4 ( +5 / -1 )

I bet he drives better than most drivers I see on the roads.

1 ( +2 / -1 )

Must be VERY good driver, 60 years is not chump change!

0 ( +2 / -2 )

Passed driving exam first time here, entire process cost me less than 10K Yen...who cares right?!

Sat there listening to all these foreigners complain that they were taking test for more than TENTH time in many cases, just joking around, having a laugh.

Decided not to join, rather spent my time walking the driving course while they chatted away...and naturally they failed again. None of them seemed to be aware that the people running the show were watching closely.

Driving's SERIOUS responsibility

0 ( +3 / -3 )

Crazy, how do these people get their cars repaired or even buy one without a license. Seems like there’s a lot of failed processes in the steps to get a car and license

-1 ( +1 / -2 )

One must note. driver's 'inkan' era's over, Japan's finally gone digital, after kicking and screaming for decades about there being NO JAPANESE SOFTWARE.

-4 ( +0 / -4 )

Gotta love Sora News!

-1 ( +0 / -1 )

GillislowTier

Crazy, how do these people get their cars repaired or even buy one without a license.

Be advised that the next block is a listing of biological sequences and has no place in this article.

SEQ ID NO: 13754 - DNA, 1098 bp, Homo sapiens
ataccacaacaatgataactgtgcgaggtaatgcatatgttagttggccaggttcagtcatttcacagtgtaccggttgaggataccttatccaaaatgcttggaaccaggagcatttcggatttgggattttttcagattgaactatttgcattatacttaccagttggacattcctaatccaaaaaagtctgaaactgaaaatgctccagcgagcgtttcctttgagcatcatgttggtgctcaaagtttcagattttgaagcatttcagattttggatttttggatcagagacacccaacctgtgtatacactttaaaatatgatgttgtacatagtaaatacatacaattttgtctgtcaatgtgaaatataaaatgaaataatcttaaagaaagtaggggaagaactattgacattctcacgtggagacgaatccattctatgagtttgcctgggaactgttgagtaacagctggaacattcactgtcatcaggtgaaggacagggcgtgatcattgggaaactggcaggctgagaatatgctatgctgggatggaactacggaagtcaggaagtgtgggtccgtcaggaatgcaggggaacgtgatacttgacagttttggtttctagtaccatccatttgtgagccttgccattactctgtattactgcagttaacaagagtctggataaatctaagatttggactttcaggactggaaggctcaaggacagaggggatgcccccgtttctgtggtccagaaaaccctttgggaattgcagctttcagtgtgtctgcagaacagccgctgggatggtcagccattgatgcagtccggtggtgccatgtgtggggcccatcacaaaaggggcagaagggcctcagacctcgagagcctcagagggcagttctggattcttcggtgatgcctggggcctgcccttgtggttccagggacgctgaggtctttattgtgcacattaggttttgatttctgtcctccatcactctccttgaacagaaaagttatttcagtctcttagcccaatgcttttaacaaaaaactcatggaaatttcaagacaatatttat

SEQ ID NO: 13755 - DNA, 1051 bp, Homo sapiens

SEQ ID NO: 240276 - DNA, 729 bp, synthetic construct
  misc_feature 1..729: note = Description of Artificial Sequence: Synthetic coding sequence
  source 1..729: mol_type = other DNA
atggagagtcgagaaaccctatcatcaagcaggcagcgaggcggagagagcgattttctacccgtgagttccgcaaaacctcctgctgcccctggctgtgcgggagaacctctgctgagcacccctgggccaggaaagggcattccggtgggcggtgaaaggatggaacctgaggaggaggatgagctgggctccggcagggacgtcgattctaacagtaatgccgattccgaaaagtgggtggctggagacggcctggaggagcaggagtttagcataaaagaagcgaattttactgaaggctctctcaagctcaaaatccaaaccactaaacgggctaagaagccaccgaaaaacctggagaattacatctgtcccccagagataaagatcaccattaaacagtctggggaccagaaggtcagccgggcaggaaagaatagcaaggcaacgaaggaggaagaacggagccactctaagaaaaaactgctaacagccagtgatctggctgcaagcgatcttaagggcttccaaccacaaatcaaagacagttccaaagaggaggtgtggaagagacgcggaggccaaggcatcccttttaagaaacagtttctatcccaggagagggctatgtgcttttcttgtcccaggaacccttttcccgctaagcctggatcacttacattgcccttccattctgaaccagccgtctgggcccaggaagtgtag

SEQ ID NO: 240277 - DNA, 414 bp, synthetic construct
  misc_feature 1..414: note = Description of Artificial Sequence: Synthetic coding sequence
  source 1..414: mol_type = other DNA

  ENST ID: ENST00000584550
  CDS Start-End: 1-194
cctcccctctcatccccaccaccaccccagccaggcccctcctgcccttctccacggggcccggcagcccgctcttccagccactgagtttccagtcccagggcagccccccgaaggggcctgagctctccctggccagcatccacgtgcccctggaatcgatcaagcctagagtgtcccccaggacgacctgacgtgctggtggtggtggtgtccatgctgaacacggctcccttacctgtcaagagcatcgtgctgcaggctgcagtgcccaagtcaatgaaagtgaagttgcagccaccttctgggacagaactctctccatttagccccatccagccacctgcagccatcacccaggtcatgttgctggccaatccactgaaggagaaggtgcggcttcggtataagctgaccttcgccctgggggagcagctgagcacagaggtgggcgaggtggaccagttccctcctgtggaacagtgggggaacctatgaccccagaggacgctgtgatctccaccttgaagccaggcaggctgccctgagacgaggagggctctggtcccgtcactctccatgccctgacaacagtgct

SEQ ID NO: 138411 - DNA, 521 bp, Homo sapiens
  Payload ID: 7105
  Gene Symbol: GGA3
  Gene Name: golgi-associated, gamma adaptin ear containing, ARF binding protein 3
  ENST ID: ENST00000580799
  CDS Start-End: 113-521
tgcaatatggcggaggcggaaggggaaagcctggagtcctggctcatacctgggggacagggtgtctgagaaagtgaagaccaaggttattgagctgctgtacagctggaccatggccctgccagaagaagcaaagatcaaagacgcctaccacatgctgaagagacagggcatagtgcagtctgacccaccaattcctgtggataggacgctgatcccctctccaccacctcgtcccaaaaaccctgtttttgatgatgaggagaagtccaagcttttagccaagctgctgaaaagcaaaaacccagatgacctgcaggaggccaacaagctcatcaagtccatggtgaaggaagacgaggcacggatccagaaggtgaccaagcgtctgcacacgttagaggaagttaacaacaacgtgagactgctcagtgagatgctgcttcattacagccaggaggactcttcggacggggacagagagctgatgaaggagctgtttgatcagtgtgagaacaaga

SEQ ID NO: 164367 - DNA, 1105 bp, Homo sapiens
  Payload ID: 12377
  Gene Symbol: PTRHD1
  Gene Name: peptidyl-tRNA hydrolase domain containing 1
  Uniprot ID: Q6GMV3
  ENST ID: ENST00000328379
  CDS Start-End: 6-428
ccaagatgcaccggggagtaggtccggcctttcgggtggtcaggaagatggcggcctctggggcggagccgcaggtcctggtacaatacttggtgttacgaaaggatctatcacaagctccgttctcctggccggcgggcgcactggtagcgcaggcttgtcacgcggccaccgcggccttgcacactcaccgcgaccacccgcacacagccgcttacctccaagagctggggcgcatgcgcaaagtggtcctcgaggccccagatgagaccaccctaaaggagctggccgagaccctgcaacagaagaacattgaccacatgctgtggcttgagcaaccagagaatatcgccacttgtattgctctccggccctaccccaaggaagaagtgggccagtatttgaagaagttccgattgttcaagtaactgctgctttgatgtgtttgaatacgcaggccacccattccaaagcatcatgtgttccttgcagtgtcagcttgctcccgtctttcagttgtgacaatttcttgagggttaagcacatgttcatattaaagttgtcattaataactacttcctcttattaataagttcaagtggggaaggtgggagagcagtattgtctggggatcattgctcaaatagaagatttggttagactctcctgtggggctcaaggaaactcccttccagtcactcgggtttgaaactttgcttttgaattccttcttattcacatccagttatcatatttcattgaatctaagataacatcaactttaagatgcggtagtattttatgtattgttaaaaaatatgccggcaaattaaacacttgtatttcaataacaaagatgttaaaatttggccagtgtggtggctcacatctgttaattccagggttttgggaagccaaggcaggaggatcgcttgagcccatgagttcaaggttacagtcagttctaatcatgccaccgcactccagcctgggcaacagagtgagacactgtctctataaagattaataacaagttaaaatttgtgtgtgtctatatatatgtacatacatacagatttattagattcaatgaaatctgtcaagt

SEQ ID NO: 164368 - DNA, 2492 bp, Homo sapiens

It has already been established in a few posts that you do not need a license to purchase a car.

And, why would anyone need a license to have their car repaired?

Seems like there’s a lot of failed processes in the steps to get a car and license

No. Buying a car doesn't require a license, because owning a car and driving a car are two separate things.

And, getting a license in Japan is actually quite difficult, at least compared to the three US states where I've gotten licenses in the US. The picayune nonsense that the inspectors look for in the Japan driving test is absolutely ridiculous. I passed on my first attempt, as Clay did above. But, about 80% in my test group failed.

1 ( +2 / -1 )

And, getting a license in Japan is actually quite difficult, at least compared to the three US states where I've gotten licenses in the US. The picayune nonsense that the inspectors look for in the Japan driving test is absolutely ridiculous. I passed on my first attempt, as Clay did above. But, about 80% in my test group failed.

For many foreigners it’s an extremely simple task if they already posses a license in their own country. Just need eye sight test and listen to a lesson you don’t even need to understand.

Americans are required to go through the Japanese driving test though.

0 ( +1 / -1 )